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Feb 2

Written by: Thryon
2/2/2009 9:06 AM  RssIcon

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52 Weeks of Canadian Gaming - Week 4
Naruto: The Broken Bond
Release Date: November 18, 2008
Developer: Ubisoft Montréal
ESRB Rating: Teen
Reviewed by: Brian Wray
Week 4 into my 52 week challenge and this week's write-up shall be short as I am in the middle of renovations with little time to play or write about games. So on with the show.

Continuing my Ubisoft Montréal month is a game based on a popular Japanese anime. In Naruto: The Broken Bond, the gamer primarily plays the part of Naruto Uzumaki, a young ninja with aspirations of greatness, but there are numerous other characters to be played as well. Naruto and his friends must stop Orochimaru, a very very bad person. I do not know much more about the characters as I am not familiar with the series nor have I played any other Naruto game. This game is indeed my introduction to the character and his world.

As with just about every game developed at Ubisoft Montréal, Naruto: The Broken Bond looks amazing. Unlike Assassin's Creed were all characters kind of looked identical, in Naruto there are so many different character models in play that it feels like everyone is unique. The game also have a great cartoon feel to it by using bright colours. Another staple of Ubisoft Montréal games is amazing music and voice-overs and here again the Canadian developer delivers. I played the game in part using the original Japanese voices and in part using the English voices, and both are of superb quality. I am just not sure if they match the TV series (for I have not seen it remember).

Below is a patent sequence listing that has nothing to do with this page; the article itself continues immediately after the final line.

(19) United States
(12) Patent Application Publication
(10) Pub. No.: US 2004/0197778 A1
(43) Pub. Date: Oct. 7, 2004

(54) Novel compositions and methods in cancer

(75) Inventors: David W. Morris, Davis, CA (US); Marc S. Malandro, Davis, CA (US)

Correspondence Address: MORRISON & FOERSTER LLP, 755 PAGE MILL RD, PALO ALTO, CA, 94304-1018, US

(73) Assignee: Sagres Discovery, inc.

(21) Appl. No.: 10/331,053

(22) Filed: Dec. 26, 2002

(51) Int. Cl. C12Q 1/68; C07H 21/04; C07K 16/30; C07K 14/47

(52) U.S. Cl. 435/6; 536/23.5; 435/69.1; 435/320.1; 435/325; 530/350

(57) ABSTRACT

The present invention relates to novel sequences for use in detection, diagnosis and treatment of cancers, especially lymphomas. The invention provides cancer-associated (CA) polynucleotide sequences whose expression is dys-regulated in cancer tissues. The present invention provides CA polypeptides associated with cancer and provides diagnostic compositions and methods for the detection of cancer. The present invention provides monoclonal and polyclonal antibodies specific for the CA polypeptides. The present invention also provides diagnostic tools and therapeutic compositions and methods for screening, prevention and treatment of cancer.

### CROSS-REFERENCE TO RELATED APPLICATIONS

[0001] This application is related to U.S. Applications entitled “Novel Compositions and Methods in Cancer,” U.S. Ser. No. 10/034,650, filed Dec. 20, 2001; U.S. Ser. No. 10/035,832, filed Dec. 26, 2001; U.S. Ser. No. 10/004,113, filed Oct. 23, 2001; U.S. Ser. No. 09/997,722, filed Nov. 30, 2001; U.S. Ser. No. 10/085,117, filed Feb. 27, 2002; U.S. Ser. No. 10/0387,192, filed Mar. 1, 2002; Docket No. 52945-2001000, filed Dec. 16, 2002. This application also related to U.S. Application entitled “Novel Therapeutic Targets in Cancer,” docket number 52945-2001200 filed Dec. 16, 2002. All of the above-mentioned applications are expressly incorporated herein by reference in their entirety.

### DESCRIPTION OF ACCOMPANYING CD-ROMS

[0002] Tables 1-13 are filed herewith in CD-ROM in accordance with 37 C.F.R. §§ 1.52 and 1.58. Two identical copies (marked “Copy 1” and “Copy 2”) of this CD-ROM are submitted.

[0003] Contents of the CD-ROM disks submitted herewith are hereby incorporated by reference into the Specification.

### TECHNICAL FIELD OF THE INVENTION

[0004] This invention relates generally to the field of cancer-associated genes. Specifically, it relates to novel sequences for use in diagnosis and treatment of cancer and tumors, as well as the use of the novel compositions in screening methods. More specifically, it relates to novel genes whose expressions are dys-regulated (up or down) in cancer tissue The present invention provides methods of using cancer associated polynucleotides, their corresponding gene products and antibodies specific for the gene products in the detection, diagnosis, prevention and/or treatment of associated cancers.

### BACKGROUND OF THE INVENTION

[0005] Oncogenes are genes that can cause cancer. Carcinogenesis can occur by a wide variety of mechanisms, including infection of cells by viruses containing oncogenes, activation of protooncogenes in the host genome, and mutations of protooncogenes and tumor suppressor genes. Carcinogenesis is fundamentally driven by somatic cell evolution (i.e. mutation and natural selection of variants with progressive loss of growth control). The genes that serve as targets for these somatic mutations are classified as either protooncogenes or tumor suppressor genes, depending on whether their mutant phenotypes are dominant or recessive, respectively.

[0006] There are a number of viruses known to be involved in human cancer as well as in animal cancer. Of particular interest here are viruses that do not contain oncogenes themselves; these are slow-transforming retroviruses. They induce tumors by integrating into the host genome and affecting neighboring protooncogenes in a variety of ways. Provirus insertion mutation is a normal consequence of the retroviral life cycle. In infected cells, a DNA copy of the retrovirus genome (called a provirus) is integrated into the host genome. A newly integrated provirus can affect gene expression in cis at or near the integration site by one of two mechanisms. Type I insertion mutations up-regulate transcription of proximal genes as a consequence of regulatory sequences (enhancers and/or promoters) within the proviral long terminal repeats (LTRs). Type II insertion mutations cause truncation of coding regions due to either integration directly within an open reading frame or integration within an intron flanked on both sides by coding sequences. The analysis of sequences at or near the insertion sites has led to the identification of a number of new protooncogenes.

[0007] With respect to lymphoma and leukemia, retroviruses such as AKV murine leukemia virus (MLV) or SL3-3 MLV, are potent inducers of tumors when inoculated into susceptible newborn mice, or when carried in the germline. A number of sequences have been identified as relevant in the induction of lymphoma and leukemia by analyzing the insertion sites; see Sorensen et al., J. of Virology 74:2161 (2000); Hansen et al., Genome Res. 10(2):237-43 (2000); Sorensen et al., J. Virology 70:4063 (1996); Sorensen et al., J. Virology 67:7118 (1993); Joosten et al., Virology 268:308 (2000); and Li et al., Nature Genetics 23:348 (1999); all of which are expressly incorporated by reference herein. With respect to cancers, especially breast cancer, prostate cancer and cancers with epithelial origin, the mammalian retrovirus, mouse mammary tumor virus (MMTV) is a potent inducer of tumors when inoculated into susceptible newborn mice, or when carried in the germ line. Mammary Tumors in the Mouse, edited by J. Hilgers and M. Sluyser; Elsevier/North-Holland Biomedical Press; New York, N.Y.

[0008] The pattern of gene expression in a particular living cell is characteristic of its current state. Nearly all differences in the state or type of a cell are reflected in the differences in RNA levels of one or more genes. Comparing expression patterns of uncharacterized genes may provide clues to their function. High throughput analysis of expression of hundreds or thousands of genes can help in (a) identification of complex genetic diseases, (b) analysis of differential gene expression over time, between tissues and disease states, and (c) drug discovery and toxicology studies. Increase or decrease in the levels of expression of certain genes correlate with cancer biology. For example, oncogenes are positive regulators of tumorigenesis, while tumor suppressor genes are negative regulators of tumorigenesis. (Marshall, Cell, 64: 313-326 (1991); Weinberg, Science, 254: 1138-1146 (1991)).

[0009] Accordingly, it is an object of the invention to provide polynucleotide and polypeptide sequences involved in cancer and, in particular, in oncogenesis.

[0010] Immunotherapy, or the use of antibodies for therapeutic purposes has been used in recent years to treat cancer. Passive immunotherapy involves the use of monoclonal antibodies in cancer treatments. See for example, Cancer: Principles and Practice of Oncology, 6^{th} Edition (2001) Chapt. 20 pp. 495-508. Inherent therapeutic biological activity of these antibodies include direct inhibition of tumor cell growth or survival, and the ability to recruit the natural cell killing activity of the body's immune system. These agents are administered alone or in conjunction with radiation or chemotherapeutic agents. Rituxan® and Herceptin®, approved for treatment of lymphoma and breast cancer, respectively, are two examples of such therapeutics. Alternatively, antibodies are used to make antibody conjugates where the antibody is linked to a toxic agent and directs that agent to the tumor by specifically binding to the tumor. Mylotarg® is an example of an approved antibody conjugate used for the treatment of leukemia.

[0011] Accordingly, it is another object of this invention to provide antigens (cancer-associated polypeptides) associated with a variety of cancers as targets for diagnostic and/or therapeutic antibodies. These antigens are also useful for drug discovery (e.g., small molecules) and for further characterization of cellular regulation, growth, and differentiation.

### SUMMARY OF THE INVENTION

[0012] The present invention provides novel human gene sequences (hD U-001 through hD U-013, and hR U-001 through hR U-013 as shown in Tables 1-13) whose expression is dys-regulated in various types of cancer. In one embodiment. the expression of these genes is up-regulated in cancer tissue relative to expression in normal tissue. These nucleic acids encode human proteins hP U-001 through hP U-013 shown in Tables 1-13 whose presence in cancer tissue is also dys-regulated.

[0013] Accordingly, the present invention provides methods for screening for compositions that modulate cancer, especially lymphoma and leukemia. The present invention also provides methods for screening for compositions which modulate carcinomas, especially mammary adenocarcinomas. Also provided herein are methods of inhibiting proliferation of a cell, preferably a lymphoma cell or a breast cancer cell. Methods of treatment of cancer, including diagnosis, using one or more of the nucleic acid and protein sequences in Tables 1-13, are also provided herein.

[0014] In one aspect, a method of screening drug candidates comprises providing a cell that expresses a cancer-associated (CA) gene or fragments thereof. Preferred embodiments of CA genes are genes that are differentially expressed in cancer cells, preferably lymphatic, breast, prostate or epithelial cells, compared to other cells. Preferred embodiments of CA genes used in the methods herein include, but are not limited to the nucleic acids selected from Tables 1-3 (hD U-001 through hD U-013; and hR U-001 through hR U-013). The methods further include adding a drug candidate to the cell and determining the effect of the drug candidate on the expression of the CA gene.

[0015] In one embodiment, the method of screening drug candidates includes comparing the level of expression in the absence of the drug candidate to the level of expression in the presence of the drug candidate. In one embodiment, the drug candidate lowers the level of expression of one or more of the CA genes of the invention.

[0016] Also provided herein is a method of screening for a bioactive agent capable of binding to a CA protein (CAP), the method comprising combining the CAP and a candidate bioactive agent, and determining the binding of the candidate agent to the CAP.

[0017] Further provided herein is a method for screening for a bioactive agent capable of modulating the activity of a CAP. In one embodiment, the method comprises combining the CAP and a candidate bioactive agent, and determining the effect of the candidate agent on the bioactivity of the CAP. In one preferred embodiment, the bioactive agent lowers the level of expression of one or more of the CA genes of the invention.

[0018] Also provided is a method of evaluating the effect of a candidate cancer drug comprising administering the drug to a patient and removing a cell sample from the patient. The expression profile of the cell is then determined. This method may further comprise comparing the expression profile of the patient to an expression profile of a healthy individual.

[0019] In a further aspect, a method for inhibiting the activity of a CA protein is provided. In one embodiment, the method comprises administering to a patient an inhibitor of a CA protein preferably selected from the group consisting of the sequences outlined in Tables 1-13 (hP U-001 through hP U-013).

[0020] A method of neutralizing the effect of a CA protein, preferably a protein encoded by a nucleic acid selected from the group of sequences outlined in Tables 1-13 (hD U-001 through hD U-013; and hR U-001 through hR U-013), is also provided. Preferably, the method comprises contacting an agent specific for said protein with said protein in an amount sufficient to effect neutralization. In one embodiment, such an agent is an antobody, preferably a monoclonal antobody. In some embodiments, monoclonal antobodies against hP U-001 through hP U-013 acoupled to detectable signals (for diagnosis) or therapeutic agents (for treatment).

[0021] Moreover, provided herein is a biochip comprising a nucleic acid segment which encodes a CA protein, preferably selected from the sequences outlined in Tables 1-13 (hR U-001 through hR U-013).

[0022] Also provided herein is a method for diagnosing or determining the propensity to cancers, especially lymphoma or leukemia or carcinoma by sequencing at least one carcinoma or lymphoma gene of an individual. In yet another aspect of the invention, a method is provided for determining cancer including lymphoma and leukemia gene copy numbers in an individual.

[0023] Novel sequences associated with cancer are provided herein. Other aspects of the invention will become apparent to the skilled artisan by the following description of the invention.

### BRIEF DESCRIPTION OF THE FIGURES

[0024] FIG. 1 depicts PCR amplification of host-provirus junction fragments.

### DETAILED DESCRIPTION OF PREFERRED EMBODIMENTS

Naruto: TBB is primarily an adventure game with a bit of combat and jutsu (magic for all us non-ninjas) mixed in for good measure. The game world of Naruto is not very large but there is plenty of activities to keep any young ninja in training out of trouble. Naruto can go fishing at any of the numerous fishing holes, or he can opt to go and play mini games such as knife trowing, candy catching, catching fish with a net or whack-a-snake games among others. A quick side note on the mini-games, some developer in Montréal has a sick sense of humour when creating the "high scores" that must be surpassed in order to get a gold medal. For example the "find the ball under the cup" mini-game becomes virtually a guessing game after about 9 rounds, and this is only good for about half the score required to get gold. Of course one of the games achievements is to get gold at all mini-games. Let's not forget, there are also plenty of collectibles to be found. While playing Naruto, keep and eye out for any of the 1533 gold coins, 35 Lovelorn villagers and 10 Ninja cards that litter the game world. These gold coins can sometimes be found in areas accessible only with a character with the required jutsu to allow passage to some secret area. Gold coins are also giving for completing missions. Gold coins can be redeemed for items, pills (health, strength, and chakra pills) and weapons.